I have always liked to read and continue to read a great deal. Sometimes as I walk, I think of the novel I am reading or one I read a few weeks ago.

I have always liked to read and continue to read a great deal. Sometimes as I walk, I think of the novel I am reading or one I read a few weeks ago.
Recently I read a detective novel where both of the main characters were killed while subduing the crook. What bothered me most was that these two men would have made good series characters.
A recent novel I read was The Year of Pleasures by Elizabeth Berg, The book centers around a woman who recently lost her husband. She and her late husband had always lived in Boston, and they had often talked about moving to a small town in the Midwest. On his deathbed, he made her promise to fulfill their dream.
The story picks up with her driving the “blue highways” west from Boston. Her descriptions were wonderful: “I saw farmhouses in the middle of protective stands of trees, silos reaching for the sky, and barns faded to the soft red of tomato soup.”
“I passed white wooden churches, red brick schools, stores with names familiar only to the locals, and movie theaters offering a single choice.”
“Live photos flashed before me: Here a construction worker was eating a sandwich, one foot up on the bumper of his truck. Here, a woman in curlers was loading groceries into her car. Here, a child glimpsed through a kitchen window, standing on a stool to reach into the cupboard, there a beauty operator was giving an old lady a perm.”
I appreciate authors who can paint pictures with words. It is a talent that some writers never master.
I like to read Zane Grey and Louis L’Amour books. Someone once asked me which one of them I preferred. I told the questioning person that I appreciated both. I added I thought that Louis L’Amour was better at keeping steady, constant action, but that Zane Grey was more descriptive with his scenes.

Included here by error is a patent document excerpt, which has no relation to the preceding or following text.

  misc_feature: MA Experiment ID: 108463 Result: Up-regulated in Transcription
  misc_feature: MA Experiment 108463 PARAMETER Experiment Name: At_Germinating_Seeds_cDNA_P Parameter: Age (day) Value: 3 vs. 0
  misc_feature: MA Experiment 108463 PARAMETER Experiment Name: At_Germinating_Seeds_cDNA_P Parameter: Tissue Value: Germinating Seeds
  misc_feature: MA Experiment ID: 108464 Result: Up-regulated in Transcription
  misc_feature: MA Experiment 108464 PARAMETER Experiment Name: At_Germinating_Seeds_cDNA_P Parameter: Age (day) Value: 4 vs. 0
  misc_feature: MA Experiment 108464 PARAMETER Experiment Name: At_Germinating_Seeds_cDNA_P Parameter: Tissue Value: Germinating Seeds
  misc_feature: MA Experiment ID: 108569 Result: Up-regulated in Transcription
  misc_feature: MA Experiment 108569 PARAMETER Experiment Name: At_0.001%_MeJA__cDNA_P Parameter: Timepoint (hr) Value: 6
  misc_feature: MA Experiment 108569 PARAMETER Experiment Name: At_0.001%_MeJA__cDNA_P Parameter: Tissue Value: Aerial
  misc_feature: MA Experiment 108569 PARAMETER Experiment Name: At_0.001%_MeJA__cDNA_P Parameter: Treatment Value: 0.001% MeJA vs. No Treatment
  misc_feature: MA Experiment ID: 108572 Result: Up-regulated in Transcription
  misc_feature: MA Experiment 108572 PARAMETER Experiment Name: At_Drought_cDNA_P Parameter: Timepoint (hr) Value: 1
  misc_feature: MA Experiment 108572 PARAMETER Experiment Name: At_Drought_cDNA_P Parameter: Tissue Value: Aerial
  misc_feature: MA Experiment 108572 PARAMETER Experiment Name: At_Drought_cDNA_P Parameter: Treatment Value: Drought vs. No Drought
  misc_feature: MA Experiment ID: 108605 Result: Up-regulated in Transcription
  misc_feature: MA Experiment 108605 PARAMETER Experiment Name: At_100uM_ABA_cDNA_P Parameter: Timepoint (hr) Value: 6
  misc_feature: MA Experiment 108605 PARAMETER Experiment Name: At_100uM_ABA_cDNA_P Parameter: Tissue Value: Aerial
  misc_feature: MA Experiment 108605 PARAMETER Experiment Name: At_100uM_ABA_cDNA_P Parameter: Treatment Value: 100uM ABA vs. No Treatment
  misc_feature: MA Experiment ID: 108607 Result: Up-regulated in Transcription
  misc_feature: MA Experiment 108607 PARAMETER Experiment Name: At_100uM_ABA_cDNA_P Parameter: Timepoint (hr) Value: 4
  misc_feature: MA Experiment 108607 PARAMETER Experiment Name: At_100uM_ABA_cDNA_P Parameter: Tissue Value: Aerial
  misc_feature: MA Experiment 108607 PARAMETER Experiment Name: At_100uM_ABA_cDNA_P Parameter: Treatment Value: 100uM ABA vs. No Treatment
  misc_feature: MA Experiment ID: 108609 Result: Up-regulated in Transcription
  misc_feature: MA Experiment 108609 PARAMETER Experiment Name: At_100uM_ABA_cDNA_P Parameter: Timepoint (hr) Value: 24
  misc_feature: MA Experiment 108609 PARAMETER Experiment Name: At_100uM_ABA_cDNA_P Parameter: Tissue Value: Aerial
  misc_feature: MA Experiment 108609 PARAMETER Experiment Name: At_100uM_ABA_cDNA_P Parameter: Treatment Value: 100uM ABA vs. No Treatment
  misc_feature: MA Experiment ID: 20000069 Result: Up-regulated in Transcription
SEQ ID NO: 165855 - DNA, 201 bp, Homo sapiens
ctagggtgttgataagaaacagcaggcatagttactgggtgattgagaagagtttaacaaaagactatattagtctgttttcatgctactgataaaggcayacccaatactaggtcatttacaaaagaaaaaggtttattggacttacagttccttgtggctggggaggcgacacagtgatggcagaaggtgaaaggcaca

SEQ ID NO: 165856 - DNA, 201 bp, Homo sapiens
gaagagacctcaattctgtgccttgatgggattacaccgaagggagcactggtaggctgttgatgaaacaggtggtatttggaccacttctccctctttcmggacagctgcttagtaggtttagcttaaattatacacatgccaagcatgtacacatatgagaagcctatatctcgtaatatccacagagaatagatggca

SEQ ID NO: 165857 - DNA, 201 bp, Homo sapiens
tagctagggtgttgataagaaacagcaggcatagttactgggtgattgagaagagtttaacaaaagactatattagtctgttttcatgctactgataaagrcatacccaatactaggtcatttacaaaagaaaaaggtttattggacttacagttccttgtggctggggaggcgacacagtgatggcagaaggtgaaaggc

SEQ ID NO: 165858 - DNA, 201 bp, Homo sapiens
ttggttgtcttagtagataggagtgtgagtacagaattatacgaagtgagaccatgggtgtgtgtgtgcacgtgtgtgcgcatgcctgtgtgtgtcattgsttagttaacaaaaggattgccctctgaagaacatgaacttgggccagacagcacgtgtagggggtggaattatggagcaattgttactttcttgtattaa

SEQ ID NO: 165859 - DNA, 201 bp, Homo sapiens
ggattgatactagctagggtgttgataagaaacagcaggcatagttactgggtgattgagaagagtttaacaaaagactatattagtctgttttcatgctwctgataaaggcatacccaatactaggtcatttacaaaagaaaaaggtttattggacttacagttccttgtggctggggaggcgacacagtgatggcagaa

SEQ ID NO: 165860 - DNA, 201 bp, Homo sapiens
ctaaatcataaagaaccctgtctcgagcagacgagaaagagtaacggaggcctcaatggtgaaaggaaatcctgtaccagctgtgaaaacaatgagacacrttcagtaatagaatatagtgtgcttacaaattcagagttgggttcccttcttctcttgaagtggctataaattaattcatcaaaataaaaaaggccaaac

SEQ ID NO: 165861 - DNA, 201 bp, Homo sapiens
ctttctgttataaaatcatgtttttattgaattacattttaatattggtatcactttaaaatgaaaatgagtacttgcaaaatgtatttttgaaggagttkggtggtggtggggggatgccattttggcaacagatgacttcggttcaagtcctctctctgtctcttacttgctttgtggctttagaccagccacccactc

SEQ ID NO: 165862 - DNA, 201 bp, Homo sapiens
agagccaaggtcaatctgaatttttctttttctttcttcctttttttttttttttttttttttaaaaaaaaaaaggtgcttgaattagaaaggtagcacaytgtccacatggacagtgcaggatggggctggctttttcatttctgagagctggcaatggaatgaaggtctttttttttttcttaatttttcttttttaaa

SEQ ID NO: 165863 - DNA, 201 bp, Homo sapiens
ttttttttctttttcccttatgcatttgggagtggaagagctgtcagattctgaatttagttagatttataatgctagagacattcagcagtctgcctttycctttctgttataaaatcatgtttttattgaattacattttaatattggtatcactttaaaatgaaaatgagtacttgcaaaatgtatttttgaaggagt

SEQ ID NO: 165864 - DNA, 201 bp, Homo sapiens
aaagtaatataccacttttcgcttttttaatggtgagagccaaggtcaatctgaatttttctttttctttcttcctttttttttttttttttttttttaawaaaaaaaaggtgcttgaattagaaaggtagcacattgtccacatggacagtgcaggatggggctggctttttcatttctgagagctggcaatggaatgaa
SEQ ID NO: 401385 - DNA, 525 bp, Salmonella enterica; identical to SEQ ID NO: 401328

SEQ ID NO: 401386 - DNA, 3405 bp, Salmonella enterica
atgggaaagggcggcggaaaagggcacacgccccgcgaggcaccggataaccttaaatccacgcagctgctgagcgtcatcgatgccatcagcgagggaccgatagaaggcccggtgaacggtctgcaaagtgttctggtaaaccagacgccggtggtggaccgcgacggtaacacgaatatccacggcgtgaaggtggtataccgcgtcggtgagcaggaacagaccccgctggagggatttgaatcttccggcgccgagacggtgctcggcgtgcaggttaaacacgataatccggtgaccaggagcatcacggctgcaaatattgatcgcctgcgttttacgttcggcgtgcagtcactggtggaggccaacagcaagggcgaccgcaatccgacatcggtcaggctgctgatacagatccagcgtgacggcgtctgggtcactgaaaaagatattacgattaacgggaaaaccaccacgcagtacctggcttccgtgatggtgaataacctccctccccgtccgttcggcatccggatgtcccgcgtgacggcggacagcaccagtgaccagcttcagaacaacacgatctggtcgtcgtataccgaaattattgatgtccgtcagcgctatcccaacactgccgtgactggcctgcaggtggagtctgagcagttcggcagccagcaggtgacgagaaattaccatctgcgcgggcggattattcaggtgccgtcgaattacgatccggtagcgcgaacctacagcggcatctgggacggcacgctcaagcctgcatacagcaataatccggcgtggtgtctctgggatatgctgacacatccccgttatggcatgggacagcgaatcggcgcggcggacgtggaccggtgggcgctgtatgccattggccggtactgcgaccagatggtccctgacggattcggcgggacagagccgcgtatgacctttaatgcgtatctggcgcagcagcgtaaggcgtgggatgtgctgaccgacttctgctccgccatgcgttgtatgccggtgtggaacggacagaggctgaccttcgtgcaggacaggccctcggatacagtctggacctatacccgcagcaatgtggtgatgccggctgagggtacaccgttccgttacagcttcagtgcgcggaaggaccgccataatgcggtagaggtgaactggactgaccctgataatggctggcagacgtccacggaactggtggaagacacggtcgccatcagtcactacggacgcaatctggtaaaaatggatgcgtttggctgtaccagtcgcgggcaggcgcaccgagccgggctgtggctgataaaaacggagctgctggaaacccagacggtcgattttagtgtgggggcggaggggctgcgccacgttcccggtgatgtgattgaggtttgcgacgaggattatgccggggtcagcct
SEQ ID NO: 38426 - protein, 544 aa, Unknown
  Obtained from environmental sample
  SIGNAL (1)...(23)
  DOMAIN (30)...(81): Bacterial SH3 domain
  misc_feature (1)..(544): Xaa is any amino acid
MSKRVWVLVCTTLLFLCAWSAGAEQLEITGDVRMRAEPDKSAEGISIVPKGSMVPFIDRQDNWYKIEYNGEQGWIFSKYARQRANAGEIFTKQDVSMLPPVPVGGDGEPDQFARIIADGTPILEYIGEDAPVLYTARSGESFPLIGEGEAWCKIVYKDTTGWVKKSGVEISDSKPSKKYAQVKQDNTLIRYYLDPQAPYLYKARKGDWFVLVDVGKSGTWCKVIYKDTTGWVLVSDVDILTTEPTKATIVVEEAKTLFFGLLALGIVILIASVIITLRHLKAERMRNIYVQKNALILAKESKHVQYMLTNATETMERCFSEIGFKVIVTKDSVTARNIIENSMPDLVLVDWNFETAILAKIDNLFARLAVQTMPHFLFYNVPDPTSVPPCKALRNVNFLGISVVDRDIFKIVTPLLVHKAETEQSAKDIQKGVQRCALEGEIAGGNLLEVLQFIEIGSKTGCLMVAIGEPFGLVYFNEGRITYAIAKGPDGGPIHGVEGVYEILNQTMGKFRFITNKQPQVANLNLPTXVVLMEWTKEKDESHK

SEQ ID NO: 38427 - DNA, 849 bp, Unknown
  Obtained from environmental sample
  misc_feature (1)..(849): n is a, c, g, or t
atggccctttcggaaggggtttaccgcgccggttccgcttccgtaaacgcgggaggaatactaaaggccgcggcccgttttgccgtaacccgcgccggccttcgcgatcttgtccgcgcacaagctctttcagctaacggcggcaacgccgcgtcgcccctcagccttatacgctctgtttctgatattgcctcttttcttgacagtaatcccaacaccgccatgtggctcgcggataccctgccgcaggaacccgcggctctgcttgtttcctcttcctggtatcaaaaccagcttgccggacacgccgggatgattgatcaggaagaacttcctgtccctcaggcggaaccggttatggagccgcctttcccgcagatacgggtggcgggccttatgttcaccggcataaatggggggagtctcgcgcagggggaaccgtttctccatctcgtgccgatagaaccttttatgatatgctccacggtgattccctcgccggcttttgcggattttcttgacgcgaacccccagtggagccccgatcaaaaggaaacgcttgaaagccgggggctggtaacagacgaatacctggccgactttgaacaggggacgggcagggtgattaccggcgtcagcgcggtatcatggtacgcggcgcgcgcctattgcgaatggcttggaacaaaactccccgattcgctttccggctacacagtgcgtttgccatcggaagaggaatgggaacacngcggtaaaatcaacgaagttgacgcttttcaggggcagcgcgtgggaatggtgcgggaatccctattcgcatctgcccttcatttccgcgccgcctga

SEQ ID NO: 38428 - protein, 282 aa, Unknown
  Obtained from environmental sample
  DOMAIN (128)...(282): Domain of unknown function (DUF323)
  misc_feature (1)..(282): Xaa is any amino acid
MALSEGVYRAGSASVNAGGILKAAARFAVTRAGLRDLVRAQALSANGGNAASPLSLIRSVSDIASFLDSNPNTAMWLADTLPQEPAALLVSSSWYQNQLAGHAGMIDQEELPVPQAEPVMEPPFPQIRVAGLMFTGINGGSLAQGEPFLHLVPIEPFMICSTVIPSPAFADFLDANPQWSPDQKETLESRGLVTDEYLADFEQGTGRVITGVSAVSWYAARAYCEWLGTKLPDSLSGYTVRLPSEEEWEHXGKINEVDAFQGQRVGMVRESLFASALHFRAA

We have always heard that a picture is worth a thousand words. Still, a good vivid description allows the reader to picture the scene in his/her own mind. Some descriptions are easy such as telling the reader that the unknown substance smelled like frying bacon. Or writing that substance had the same consistency of Jello. Or that the cloth feels smooth as a horse’s nose.
What about describing the blow to a character’s foot when it was stepped on by a horse with new shoes? This is a good description, but what if the reader never had his/her foot stepped on by a horse?
I realize that sometimes I get over enthused with the beauty of the skies in the early morning sky and try to share these sights with the reader. I wonder, though, if everyone goes out and views the skies like I do. Then I think that maybe if they don’t, I can inspire them to do so. The sky can be so very beautiful.
Take a walk, look for good descriptions in whatever you read, watch for pedestrians looking to the sky, use those signal lights, and see what you notice while passing along on Wildcat Boulevard.    
 
 
 Russell Hively writes a weekly column for the Daily News.